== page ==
Fetching and updating cursors
Since Row 4, (2002040, Sam, Burke) was fetched after “Sam” was updated to “Joe,” the returned employee ID 2002040 is Joe, Burke.
The third and fourth rows are now copied to the worktable. “Row position” is an imaginary column, in which the values represent the position of each row in the result set.
option specifies that the cursor should return data in binary format.
This reduces conversion effort for both the server and client, at the cost of more programmer effort to deal with platform-dependent binary data formats.
If we process it at once, we may have a memory overflow error.
In addition, we can develop a function that returns a reference to a cursor.
As an example, if a query returns a value of one from an integer column, you would get a string of with a default cursor, whereas with a binary cursor you would get a 4-byte field containing the internal representation of the value (in big-endian byte order). Many applications, including command, the Bind protocol message specifies whether data is to be retrieved in text or binary format.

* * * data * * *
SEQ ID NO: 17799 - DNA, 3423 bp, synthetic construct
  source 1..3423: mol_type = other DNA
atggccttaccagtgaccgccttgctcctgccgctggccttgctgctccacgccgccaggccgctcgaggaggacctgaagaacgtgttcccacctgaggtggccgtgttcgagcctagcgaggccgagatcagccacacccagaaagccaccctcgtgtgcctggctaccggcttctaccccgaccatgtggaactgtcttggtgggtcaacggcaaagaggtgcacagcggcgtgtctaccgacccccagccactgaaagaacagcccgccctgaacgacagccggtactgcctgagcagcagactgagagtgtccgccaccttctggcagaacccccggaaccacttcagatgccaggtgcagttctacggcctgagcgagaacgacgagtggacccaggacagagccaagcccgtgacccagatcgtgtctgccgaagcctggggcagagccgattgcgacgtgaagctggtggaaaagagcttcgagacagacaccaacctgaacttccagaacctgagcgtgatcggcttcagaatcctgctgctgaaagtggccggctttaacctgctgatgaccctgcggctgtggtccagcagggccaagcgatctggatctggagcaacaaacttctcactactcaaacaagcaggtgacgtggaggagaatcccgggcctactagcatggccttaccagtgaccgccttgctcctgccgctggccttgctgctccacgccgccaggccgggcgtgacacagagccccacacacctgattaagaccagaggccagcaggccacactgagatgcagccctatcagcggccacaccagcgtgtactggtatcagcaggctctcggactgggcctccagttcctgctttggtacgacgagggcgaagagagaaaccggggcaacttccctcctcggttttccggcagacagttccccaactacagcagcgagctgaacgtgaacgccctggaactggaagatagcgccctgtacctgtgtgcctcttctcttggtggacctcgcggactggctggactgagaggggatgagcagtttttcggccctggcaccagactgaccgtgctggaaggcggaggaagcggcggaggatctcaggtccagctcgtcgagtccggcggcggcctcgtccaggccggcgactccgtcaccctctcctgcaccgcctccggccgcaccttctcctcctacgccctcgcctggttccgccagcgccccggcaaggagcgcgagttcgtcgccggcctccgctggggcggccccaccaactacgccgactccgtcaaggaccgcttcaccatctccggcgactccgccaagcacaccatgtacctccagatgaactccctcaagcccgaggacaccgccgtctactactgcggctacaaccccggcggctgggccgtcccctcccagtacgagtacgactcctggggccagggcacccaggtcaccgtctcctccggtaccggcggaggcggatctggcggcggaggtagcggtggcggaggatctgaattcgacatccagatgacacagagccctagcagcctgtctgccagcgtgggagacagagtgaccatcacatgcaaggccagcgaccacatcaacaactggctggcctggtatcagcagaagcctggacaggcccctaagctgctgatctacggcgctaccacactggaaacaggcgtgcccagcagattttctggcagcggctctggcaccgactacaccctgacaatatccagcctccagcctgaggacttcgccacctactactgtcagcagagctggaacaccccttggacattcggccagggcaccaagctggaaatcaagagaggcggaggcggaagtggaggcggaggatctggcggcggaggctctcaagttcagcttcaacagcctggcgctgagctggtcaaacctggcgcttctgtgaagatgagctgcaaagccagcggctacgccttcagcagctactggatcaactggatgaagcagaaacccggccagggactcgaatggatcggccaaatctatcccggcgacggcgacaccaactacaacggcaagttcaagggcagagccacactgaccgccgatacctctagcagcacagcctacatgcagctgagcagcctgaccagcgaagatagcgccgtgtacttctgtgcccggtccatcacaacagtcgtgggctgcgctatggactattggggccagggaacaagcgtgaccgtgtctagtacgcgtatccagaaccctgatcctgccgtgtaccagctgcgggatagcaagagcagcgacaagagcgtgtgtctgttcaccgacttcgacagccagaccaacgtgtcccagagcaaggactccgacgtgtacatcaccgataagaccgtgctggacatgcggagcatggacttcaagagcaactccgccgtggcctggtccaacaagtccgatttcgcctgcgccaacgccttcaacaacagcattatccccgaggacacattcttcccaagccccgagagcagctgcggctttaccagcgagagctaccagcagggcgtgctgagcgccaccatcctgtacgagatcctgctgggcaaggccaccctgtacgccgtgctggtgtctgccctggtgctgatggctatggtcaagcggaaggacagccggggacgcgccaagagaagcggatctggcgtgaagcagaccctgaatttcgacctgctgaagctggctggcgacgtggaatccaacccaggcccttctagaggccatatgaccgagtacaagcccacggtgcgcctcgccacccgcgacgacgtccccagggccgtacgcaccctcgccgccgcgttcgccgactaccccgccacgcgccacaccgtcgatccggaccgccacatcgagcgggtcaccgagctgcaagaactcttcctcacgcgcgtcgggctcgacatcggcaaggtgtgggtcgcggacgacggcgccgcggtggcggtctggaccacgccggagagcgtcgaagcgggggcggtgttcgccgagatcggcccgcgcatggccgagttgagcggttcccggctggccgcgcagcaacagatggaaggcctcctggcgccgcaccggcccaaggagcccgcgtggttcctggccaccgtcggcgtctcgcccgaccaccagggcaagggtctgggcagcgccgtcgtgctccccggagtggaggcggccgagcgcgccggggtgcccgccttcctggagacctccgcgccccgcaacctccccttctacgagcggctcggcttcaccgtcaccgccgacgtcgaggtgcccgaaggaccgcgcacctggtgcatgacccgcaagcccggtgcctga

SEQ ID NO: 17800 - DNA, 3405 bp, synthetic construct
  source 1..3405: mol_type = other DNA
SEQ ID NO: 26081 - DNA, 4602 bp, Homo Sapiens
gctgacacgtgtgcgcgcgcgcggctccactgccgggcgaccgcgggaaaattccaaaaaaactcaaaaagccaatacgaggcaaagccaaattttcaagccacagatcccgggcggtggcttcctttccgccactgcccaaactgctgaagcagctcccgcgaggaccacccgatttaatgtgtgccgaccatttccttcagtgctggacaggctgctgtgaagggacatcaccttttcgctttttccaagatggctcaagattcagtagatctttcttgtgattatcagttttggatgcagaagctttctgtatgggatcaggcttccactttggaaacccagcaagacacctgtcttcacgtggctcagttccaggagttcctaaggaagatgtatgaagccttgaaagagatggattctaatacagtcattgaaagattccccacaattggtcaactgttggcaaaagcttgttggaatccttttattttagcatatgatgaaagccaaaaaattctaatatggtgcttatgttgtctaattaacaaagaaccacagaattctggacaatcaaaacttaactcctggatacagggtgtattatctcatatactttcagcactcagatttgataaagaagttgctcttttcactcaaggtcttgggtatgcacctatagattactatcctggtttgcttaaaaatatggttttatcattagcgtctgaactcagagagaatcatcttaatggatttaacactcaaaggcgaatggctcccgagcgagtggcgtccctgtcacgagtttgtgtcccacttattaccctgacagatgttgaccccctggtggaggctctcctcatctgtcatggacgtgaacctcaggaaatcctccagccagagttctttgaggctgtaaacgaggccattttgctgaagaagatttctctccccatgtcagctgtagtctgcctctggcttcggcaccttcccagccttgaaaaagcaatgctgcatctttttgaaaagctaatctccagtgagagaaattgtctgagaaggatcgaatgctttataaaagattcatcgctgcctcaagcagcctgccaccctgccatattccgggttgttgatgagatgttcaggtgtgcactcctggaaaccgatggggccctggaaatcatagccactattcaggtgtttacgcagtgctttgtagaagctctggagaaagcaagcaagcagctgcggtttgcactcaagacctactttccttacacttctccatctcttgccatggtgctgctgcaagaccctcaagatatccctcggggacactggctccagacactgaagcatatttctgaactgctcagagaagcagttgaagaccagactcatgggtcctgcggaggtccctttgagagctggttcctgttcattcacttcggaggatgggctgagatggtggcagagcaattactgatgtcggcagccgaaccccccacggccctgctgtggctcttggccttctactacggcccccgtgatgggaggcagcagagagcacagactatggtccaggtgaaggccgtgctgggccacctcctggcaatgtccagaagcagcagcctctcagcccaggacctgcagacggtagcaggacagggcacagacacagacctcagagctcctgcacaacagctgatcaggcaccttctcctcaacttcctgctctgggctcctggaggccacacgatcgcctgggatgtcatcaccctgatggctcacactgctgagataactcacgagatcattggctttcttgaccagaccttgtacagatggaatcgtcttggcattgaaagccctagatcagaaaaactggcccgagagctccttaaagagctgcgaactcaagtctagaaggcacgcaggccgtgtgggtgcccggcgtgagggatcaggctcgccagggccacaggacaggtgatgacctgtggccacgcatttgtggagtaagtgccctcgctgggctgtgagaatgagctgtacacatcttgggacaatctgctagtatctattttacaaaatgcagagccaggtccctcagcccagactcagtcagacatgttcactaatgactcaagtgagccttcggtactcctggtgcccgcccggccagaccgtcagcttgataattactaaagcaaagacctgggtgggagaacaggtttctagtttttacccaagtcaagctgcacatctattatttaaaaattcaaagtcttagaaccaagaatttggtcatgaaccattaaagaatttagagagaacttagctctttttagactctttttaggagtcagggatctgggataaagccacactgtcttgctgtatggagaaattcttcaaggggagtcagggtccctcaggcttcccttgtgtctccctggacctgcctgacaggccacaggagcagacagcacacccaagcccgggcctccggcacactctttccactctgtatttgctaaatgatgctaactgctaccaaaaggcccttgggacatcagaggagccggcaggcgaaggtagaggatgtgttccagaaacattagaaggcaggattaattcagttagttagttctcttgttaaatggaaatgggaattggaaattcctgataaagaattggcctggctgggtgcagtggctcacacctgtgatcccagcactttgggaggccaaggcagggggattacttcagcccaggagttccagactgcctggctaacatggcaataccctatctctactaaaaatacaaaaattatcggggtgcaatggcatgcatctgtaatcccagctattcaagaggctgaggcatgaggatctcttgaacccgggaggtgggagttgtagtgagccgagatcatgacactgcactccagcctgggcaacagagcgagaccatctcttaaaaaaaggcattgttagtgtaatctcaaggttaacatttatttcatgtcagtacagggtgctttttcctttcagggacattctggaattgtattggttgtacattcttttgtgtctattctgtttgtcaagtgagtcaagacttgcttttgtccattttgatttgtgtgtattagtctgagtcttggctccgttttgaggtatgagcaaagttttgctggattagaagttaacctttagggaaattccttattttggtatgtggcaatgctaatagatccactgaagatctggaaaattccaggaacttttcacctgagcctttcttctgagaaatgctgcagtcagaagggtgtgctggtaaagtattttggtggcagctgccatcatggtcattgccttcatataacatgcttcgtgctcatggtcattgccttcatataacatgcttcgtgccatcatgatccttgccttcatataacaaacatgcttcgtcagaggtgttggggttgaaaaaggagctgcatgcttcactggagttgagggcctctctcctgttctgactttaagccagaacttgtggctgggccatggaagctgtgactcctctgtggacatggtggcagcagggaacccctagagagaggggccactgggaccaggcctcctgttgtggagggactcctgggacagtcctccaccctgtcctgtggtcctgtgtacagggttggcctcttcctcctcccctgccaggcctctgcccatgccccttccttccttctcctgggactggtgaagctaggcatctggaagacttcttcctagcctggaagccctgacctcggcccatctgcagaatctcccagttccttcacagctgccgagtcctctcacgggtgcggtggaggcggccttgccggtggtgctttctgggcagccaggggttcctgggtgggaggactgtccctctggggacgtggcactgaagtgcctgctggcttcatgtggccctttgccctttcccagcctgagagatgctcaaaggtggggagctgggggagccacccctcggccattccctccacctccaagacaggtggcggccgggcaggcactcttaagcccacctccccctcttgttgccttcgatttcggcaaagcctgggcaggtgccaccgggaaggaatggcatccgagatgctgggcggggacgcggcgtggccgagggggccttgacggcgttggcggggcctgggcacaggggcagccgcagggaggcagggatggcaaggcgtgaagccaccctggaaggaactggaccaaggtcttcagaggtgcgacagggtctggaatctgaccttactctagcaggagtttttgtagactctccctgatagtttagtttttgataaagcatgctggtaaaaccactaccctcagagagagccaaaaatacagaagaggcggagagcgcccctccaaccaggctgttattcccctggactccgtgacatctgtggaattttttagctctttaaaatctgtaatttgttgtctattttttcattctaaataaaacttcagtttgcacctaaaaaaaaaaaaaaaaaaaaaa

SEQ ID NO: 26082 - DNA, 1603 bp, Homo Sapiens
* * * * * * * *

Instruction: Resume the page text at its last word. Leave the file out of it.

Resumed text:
This choice overrides the way that the cursor is defined.
A searched update modifies multiple rows when the search condition does not uniquely identify a single row.
A PL/pg SQL cursor allows us to encapsulate a query and process each individual row at a time.